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Classically Black

Classically Black

Black classical musicians have been composing substantial music for centuries. This February, we shined the spotlight on a score… one every weekday… of great composers with roots in Africa.

We met Le Mozart Noir… the man who not only was a world-famous swordsman, but an acknowledged master of the violin bow and the composing quill, playing duets with Queen Marie Antoinette. We visited a city of Creole musical dynasties, when New Orleans was home to the finest orchestras in the new world. We rediscovered a woman tirelessly composing in Chicago’s Bronzeville neighborhood, many of whose works were likewise rediscovered: in a dilapidated downstate summer house, leading to a worldwide wave of interest in her music. And we heard a sinfonietta by a 2oth century New York composer… who himself was named after an Afro-English composer whose interest in American music made him a 19th century fan favorite in the U.S.

Looking for the music? TSPR Music Director Ken Zahnle shares all the compositions he featured on Ovation on a Spotify playlist.
  • Thank You for helping make February Classically… Black!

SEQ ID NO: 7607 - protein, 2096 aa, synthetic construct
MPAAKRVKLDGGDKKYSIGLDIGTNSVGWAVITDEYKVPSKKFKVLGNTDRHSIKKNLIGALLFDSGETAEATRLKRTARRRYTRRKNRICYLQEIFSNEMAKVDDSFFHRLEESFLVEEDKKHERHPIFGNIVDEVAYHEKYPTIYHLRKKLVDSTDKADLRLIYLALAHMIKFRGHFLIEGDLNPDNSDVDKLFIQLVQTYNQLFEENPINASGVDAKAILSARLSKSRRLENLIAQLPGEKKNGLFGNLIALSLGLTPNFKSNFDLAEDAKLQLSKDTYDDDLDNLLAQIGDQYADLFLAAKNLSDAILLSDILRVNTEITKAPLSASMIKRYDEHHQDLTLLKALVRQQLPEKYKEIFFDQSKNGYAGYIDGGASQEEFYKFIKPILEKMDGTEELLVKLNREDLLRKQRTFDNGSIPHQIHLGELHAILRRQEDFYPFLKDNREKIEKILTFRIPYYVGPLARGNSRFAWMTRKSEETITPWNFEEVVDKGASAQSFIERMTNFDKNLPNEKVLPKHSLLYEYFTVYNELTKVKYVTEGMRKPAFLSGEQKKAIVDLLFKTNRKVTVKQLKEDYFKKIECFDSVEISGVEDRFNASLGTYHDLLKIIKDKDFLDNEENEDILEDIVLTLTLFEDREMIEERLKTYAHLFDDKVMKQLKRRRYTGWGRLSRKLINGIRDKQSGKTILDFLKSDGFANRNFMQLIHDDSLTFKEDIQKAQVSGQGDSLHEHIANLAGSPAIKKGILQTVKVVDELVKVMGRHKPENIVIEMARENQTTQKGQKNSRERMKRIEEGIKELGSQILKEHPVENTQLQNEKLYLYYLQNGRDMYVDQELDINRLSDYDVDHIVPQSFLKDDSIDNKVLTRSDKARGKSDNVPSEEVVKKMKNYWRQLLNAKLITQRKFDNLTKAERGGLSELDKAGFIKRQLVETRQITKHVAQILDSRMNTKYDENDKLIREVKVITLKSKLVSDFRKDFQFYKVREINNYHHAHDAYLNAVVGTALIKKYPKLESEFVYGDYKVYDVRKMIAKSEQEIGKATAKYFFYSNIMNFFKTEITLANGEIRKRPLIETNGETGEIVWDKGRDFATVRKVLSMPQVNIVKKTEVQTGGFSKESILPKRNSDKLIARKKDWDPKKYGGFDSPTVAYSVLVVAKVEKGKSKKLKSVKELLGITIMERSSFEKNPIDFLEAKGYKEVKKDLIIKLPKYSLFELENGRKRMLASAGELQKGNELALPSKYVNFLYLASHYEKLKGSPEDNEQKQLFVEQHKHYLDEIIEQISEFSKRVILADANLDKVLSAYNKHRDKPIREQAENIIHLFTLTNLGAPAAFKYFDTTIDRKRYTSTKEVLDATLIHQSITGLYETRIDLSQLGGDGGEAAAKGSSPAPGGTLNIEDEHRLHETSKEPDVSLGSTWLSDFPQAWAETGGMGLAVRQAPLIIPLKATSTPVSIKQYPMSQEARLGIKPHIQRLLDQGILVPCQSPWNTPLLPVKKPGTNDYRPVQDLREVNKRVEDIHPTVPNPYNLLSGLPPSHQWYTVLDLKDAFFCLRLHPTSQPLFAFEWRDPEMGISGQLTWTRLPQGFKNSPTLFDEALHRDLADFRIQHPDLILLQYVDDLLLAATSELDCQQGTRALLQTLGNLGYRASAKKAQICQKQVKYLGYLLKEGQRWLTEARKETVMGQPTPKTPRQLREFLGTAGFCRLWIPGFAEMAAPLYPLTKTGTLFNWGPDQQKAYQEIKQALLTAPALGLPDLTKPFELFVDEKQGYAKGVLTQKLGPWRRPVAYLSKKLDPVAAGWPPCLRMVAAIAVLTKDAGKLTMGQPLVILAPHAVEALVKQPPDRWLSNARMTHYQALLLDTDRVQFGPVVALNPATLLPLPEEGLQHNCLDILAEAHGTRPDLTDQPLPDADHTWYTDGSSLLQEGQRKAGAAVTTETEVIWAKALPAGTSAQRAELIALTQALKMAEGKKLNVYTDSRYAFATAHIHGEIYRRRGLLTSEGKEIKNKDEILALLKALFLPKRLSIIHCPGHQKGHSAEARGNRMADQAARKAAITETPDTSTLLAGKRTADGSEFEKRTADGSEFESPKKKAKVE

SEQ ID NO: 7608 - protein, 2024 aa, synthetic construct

• James Lee III was born in 1975 in St. Joseph, Michigan, and began studying piano at what he considers a late age…12… when his father signed him up for lessons without his knowledge
  • It’s time to meet Performance Today's 2020 Classical Woman of the Year.A child of the 1970’s, Valerie Coleman hails from the traditionally black West End neighborhood of Louisville, Kentucky.
  • Wynton Marsalis is the most famed member of a New Orleans musical dynasty. Born in 1961 to prominent jazz pianist and teacher Ellis Marsalis, he was named for another jazz great, pianist Wynton Kelly, and he got his first trumpet at age 6 from another famed trumpeter, Al Hirt.
  • Coleridge-Taylor Perkinson was fated to write music. He was born in 1932 and raised in Manhattan, the child of a mother active in the arts as a piano teacher, church organist, and director of a theater company… who named her son after the great African-British composer Samuel Coleridge-Taylor.
  • Born in Chicago in 1913 to an activist family, Margaret Bonds began her studies with the best of Bronzeville… composers Florence Beatrice Price and William Levi Dawson.
  • Fela Sowande was born outside Lagos, Nigeria in 1905, the son of an Anglican Priest. Growing up a choirboy, he was taken under the wing of Nigerian church music pioneer Dr. T.K Ekundayo Philips, learning Bach and other European composers on the organ, as well as new native Yoruba works being introduced into the church service.
  • Edward Kennedy Ellington was born and raised in Washington D.C.’s West End neighborhood.
  • William Levi Dawson ran away from home in 1912 to study music at the Tuskegee Institute. Working through school as a music librarian… and a laborer on the Agriculture Department farm… he was a member of the Institute’s band and orchestra, as well as composing and touring with the Tuskegee Singers.
  • James P. Johnson grew up in New York City listening to the rags of Scott Joplin and studying classical piano and theory with an Italian teacher.